Hysterectomy

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Author: Mikael Häggström [notes 1]

Fixation

Generally 10% neutral buffered formalin.

See also: General notes on fixation

Gross processing

Benign indications

Applicable in bleeding disorders, pain, leiomyoma and endometrial hyperplasia.[1]

Gross examination

For orientation:

  • The round ligament lies anterior to the tubes and ovaries.[1]
  • The peritoneum extends further down along the cervix posteriorly than anteriorly.[2] Its ends bluntly posteriorly and sharply anteriorly.[2]

Optionally, remove the adnexa.[1]

Steps:[1]

  • Perform a general inspection
  • Measure length, width, thickness
  • The uterus is usually opened at the front in the midline, optionally with an incision towards each corner.[notes 2] Open the cavity completely, along the existing incision. The cavity is sometimes be squeezed or rolled around a leiomyoma, and you'll you have to improvise and perhaps go around the leiomyoma to open the cavity properly. Cut through the front wall into both corners.
  • Inspect the mucosa. If any polyps: Further information: Endometrial polyp
  • Measure the thickness of the mucosa and myometrium
Smooth muscle tumor (in this case leiomyoma).

Gross report

Components:[1]

  • Shape of uterus and adnex
  • Measurements
  • Mucosa, such as smooth or irregular.
  • Any polyps. Further information: Endometrial polyp
  • Mucosal and endometrial thickness
  • Any smooth muscle tumor. Further information: Smooth muscle tumor

Slices for microscopy

Submit:[1]

  • Four cross-sectiosn from any accompanying ectocervix. In subtotal extirpation, a cross-section is taken from the lower resection border.
  • A transverse slice through the endocervix, possibly divided into two.
  • One slice from the front and one from the back wall of the corpus, and one piece from each corner, including myometrium.
  • Any mucosal parts with macroscopically abnormal appearance, including polyps.
  • In case of endometrial hyperplasia, most of the mucosa of the corpus and fundus.
  • Samples form all smooth muscle tumors >5 cm in diameter. Further information: Smooth muscle tumor

Microscopic evaluation

Look for signs of malignancy:

Cervix

Cervical intraepithelial neoplasia edit
Histology Grade Corresponding Cytology Description Image
CIN 1 (Grade I) Low-grade squamous intraepithelial lesion (LSIL)
  • Mild epithelial dysplasia
  • Confined to the basal 1/3 of the epithelium
LSIL (CIN 1), Cervical Biopsy (3776284166).jpg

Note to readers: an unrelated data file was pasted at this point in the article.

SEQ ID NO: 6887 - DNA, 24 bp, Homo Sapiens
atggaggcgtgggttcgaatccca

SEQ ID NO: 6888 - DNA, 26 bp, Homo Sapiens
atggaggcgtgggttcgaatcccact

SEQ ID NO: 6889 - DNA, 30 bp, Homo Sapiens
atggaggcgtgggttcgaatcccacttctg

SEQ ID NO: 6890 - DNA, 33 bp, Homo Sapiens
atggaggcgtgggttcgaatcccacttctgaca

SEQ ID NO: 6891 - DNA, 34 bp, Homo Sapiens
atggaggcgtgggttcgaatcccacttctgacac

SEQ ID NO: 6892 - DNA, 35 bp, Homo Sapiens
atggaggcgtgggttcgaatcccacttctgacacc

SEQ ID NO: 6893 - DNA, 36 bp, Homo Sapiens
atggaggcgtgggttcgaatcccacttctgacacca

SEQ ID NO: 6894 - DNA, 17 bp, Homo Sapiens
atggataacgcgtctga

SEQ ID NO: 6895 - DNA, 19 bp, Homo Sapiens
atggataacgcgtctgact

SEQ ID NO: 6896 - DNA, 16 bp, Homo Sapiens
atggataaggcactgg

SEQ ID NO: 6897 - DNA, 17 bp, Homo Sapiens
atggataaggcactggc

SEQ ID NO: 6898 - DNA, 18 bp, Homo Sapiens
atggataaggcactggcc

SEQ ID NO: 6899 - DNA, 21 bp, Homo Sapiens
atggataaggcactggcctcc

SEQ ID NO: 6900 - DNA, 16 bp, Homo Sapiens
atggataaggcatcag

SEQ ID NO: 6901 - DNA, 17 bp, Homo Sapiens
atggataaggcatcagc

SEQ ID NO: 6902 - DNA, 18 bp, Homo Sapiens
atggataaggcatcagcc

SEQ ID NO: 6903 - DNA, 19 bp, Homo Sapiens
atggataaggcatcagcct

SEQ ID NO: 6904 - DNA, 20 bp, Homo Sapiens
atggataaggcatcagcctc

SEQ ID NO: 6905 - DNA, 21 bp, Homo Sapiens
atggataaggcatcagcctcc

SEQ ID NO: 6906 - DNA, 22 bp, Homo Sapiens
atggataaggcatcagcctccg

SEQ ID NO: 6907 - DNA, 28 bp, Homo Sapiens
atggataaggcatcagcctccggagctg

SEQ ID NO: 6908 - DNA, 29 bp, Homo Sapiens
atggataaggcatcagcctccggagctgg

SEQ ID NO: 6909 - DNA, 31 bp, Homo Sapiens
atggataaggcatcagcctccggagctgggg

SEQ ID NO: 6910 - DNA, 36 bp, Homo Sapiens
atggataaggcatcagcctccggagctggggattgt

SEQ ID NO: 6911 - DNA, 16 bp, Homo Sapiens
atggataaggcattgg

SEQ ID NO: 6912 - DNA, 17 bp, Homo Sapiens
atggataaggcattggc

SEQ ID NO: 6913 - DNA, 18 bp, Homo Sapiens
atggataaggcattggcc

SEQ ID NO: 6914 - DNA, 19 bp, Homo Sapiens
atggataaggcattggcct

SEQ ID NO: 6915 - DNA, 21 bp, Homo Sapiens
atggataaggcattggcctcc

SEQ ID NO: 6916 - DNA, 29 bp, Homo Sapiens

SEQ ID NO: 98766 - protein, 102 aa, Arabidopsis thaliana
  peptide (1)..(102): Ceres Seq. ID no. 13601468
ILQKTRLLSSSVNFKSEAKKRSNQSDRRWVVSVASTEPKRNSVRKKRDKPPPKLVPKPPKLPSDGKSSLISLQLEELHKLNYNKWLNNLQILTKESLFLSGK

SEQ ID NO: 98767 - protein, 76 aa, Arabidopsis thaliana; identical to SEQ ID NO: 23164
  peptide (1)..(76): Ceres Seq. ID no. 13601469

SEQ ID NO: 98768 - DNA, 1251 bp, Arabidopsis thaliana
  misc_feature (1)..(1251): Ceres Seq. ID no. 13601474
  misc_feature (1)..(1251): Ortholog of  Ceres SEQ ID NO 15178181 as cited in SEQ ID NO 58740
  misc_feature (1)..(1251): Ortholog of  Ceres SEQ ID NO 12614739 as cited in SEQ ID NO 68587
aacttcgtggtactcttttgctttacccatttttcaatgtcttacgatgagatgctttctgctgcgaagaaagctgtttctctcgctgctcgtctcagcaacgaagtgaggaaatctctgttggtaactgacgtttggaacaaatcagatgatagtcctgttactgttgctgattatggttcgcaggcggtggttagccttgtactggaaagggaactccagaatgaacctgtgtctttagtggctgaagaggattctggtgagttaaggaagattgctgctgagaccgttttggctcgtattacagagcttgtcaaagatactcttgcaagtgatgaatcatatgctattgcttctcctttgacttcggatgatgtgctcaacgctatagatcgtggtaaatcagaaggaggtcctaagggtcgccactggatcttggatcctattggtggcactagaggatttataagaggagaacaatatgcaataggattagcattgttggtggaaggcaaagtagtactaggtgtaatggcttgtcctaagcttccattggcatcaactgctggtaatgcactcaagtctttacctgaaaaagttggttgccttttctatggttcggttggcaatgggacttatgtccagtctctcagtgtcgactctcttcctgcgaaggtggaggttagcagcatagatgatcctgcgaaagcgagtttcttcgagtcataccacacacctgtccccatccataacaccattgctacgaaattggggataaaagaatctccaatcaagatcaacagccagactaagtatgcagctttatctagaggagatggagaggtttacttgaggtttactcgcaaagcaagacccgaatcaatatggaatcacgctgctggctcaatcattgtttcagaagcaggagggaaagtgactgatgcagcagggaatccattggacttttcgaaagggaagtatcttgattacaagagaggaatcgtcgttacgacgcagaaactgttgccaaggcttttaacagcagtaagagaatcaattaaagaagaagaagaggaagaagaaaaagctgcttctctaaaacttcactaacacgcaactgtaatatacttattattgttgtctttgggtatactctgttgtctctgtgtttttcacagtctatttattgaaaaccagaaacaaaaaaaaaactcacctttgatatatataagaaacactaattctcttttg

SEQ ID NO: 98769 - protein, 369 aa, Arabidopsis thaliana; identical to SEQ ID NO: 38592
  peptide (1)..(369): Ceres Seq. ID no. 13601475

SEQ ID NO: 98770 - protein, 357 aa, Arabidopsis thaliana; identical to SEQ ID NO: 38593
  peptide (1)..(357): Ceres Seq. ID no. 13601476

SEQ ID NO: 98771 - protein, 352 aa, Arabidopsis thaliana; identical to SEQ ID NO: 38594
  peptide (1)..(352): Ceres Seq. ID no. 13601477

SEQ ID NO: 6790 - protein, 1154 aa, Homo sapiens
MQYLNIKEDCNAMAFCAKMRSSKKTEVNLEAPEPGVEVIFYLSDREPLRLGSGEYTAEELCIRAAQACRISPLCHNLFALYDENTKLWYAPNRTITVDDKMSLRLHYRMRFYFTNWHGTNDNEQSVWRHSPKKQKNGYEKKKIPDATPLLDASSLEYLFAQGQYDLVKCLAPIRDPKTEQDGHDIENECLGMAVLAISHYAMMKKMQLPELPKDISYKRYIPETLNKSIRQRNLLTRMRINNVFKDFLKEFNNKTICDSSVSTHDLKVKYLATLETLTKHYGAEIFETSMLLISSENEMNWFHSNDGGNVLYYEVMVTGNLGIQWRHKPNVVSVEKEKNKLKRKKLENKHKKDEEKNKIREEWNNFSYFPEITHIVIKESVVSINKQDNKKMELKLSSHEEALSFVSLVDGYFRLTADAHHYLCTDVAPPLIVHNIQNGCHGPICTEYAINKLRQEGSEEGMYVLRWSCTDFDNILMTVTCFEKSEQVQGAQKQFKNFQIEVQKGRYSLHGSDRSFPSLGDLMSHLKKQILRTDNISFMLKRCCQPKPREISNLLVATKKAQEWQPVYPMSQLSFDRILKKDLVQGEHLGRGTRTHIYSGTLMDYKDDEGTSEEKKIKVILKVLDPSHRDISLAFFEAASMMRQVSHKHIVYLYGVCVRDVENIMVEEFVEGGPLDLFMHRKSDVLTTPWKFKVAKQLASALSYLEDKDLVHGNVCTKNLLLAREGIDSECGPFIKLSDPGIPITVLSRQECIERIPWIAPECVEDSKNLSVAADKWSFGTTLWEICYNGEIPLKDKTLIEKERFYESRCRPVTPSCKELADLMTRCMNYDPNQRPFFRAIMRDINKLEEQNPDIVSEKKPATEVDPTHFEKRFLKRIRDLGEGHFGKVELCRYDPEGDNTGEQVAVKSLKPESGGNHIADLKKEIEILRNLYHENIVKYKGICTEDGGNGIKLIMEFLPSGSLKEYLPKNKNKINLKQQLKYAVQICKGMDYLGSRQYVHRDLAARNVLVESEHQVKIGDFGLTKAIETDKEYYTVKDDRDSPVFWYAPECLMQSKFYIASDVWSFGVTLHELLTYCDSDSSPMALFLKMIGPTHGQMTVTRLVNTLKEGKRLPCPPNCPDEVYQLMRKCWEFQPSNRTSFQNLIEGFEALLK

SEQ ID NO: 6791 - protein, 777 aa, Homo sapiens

CIN 2/3 High-grade squamous intraepithelial lesion (HSIL)[notes 3]
  • Represents a mix of low and high-grade lesions not easily differentiated by histology
CIN 2 (Grade II)[notes 4]
  • Moderate dysplasia confined to the basal 2/3 of the epithelium
CIN 3 (Grade III)[notes 5]
  • Severe dysplasia with undifferentiated neoplastic cells that span more than 2/3 of the epithelium
  • May involve the full thickness
  • May also be referred to as cervical carcinoma in situ
Histopathology of CIN 3.jpg
Endocervical gland invasion is associated with high-grade lesions.[3]


Uterine body

Main findings:

Microscopy report

Example in a normal case:

Microscopy of hysterectomy shows ecto and endocervix without atypia. The glands have columnar epithelium without atypia.

In the uterine cavity, there is endometrial mucosa with ordinary thickness and regularly arranged endometrial glands. (Optionally: Description of likely menstrual phase.) Sharp delimitation between endometrium and myometrium. The myometrium contains no focal changes. No evidence of malignancy.

This example is Public Domain, and can be copied without any need for author attribution.

Notes

  1. For a full list of contributors, see article history. Creators of images are attributed at the image description pages, seen by clicking on the images. See Patholines:Authorship for details.
  2. The uterus can also be opened laterally, through the parameters.
  3. HSIL+ encompasses HSIL, AGC, and cancer
  4. CIN 2+ encompasses CIN 2, CIN 3, adenocarcinoma in situ (AIS), and cancer
  5. CIN 3+ encompasses CIN 3, AIS, and cancer

References

  1. 1.0 1.1 1.2 1.3 1.4 1.5 Monica Dahlgren, Janne Malina, Anna Måsbäck, Otto Ljungberg. Stora utskärningen. KVAST (Swedish Society of Pathology). Retrieved on 2019-09-26.
  2. 2.0 2.1 . General Specimen Orientation Tips. The University of Michigan (2020-01-29).
  3. Nagi, Chandandeep S.; Schlosshauer, Peter W. (2006). "Endocervical glandular involvement is associated with high-grade SIL ". Gynecologic Oncology 102 (2): 240–243. doi:10.1016/j.ygyno.2005.12.029. ISSN 00908258.